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Ryan won’t run for State Senate seat, citing ‘gray’ money of outside interests

Sean M. Ryan will not run for the soon-to-be-vacated 60th State Senate seat this fall.

The Buffalo Democrat said he will remain in the Democratic-led Assembly and avoid the “gray and questionable” money he predicts will dominate the contest for the Senate seat that Marc C. Panepinto is departing.

The assemblyman noted the special Senate election just concluded on April 19 for the Long Island seat of Dean G. Skelos, the disgraced former majority leader, attracted more than $8 million from all sorts of outside interests. He said he anticipates a contest between him and Republican Erie County Clerk Christopher L. Jacobs would have spawned a similar spending spree.

“On Long Island, the majority of that money was spent by outside interest groups intent on simply tearing down the other candidate,” he said. “It was all funded by highly questionable and gray money, and I’m not eager to jump into that pool.”

He said unions or special interests in New York City with no connections to Buffalo would have dominated the local contest.

“There would have been millions of dollars of questionable dollars into this campaign alone,” he said.


RELATED: Assemblyman Ryan leads list of Democratic hopefuls for State Senate seat being vacated by Panepinto


Ryan said he spurned intense pressure from several interests hoping to retain a Democrat in the 60th District seat and establish a Democratic majority in the Senate.

“I’m certain I can continue to be effective in the Assembly, but it’s hard to predict the future of the Senate,” he said. “I believe I owe it to the people of Buffalo and Erie County to take the certain path and represent their interests in the Assembly.”

Ryan’s decision could spark a wild scramble among interested Democrats and a potential September primary contest, though no other prospective candidates are expected to mount the strong candidacy projected for him.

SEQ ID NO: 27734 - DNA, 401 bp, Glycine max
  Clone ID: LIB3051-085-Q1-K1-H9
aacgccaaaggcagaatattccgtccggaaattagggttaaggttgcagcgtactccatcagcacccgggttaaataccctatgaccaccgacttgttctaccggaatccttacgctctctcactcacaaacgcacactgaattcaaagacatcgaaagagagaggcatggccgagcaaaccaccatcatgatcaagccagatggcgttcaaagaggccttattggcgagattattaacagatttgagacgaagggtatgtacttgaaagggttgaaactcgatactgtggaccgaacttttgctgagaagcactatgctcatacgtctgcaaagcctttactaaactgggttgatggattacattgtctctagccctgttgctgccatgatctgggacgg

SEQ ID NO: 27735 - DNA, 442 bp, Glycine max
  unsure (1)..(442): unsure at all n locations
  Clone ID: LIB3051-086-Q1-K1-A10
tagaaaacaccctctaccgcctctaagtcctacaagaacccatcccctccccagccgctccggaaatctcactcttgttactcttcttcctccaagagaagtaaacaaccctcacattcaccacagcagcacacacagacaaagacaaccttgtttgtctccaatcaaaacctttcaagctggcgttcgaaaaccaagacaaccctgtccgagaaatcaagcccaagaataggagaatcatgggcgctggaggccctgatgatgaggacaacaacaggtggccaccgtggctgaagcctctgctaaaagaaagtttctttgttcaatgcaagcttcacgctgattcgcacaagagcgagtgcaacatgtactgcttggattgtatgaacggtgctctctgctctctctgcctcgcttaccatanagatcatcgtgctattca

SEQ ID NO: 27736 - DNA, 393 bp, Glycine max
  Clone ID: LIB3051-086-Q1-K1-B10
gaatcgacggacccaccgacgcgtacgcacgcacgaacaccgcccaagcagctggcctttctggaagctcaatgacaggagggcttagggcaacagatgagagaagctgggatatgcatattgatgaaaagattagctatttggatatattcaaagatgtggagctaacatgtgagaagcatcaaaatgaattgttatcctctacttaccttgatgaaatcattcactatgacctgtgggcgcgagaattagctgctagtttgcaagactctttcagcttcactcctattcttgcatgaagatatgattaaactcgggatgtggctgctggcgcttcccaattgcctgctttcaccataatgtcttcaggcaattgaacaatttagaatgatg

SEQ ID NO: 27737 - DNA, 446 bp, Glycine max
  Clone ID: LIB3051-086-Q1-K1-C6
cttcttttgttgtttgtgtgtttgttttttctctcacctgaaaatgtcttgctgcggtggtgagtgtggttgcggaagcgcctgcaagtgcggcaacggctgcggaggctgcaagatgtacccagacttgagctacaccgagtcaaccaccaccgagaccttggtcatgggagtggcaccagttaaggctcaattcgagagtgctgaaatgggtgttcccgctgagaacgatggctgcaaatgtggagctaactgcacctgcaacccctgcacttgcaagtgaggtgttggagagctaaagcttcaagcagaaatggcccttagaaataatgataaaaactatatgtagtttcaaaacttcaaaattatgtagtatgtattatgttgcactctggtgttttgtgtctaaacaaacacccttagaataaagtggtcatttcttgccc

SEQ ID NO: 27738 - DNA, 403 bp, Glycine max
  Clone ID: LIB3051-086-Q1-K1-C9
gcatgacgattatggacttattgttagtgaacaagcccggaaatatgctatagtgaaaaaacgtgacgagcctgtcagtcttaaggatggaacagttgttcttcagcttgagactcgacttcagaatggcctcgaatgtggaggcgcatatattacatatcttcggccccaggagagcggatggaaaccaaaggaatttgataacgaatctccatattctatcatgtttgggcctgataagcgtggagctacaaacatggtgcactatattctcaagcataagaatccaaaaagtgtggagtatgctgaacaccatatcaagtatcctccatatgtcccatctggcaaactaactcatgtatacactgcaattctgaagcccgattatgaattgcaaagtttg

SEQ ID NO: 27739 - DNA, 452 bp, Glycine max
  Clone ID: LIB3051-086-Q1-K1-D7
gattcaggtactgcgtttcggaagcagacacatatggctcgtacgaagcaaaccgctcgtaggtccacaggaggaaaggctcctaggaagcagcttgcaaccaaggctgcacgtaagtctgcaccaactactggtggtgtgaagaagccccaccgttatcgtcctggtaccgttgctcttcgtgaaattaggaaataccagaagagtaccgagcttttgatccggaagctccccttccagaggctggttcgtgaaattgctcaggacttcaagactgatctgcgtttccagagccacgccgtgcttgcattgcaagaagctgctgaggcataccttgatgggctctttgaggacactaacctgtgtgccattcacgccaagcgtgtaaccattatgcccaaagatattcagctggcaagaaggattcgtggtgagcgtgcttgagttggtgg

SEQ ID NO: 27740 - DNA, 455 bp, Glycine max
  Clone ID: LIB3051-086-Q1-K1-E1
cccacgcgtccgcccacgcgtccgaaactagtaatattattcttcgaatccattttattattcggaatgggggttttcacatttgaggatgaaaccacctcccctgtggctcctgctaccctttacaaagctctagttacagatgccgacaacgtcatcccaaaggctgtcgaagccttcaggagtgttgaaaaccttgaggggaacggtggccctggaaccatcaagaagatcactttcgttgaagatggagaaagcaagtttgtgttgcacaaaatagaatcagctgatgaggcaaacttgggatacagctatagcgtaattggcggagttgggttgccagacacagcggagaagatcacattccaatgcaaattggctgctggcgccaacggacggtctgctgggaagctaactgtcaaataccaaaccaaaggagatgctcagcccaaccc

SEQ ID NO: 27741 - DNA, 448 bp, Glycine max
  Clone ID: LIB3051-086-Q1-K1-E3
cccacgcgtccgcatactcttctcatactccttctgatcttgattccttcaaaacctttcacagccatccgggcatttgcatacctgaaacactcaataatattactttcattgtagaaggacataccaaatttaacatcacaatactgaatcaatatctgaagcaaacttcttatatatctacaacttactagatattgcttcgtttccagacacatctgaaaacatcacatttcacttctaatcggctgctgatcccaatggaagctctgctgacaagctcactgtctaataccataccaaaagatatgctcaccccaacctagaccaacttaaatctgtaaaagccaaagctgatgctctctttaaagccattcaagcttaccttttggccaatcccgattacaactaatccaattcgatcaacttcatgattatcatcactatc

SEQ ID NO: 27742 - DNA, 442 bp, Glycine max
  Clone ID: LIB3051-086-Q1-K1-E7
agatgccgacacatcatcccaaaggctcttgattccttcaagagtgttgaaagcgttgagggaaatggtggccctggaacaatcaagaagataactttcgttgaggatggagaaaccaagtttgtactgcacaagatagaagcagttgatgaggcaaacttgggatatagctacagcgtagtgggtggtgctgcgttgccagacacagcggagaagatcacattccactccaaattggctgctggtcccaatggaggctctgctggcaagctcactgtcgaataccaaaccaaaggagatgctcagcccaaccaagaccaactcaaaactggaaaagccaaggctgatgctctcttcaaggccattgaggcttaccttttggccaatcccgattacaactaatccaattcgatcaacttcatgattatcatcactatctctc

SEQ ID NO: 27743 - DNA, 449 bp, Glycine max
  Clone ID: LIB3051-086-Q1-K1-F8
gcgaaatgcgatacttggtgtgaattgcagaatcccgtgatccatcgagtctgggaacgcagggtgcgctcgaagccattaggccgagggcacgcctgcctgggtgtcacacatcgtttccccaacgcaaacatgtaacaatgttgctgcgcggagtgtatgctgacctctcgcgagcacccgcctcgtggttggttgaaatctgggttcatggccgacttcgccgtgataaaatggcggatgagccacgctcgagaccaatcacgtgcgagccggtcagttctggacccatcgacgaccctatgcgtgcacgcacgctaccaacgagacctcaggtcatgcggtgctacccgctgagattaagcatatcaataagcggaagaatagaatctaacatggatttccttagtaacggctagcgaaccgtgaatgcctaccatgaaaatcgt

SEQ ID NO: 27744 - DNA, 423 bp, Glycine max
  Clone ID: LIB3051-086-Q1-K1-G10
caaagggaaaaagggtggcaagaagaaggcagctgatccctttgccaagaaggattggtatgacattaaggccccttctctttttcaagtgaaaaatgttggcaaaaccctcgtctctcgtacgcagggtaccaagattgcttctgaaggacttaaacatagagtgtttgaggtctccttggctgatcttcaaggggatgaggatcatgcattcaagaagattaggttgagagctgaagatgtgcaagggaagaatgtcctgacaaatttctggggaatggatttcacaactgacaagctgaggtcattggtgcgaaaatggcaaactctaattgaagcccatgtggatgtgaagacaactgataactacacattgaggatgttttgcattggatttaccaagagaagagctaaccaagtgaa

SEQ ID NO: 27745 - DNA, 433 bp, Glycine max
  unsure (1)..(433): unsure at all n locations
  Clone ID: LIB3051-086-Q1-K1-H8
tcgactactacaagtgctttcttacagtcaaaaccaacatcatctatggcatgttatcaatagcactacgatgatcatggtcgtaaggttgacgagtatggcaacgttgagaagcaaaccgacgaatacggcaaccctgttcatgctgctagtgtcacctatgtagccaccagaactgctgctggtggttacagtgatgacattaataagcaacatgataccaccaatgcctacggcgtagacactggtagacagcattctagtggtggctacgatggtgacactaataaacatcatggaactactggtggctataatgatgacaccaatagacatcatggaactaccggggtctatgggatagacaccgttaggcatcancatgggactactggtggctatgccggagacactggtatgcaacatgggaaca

Still, Alfred T. Coppola, who came within 613 votes of winning the 2014 Democratic primary and who briefly held the Senate seat in 2000, is now expected to launch his own campaign for the seat.

“It is crucial that we have a Democratic majority in the Senate,” the former Delaware Council member said in a recent letter to Democratic leaders seeking their endorsement. “I know I can win. I did it every year for two years for 17 years and in a special election for Senate.”

Amber A. Small, executive director of the Parkside Community Association, already has declared.

And party sources say Michael P. Quinn Jr., a Hamburg councilman, is undecided.


RELATED: Questions surround Marc Panepinto decision to leave state Senate


Another possible name mentioned in some quarters is Joel P. Feroleto, the Delaware Council member.

But Democrats – especially those in Albany seeking a Democratic edge in the Senate – were hoping Ryan would be their man. An attorney who has proved a popular political candidate, Ryan was seen as the best Democratic opponent to face the Jacobs.

But Ryan notes that even if Democrats gain a majority in the 2016 election, nothing is certain about who will rule the chamber in 2017. A band of five senators forming the Independent Democratic Caucus could align with either party, he said, clouding any certainty over a Senate majority come next January.

“There was strong pressure that was moderated by a lot of advice from Western New York to stay in the Assembly and keep delivering,” he said. “I’m able to get more done there. But it all goes back to that uncertainty. And one thing is for sure – the Assembly is stable.”

Erie County Democratic Chairman Jeremy J. Zellner described Quinn, who is also the Town of Hamburg Democratic chairman, as “on the fence” about running. Another name previously mentioned – Tonawanda Town Board member Lisa M. Chimera – will not run, he added.

Zellner reiterated that the party may opt to make no endorsement in the race and nominate a candidate via open primary.

Panepinto announced in March he would not run again after only 15 months in office, citing family and business interests at home. The Buffalo News reported soon after his announcement that a legislative ethics panel had initiated an investigation of his office following the recent resignations of several staff members.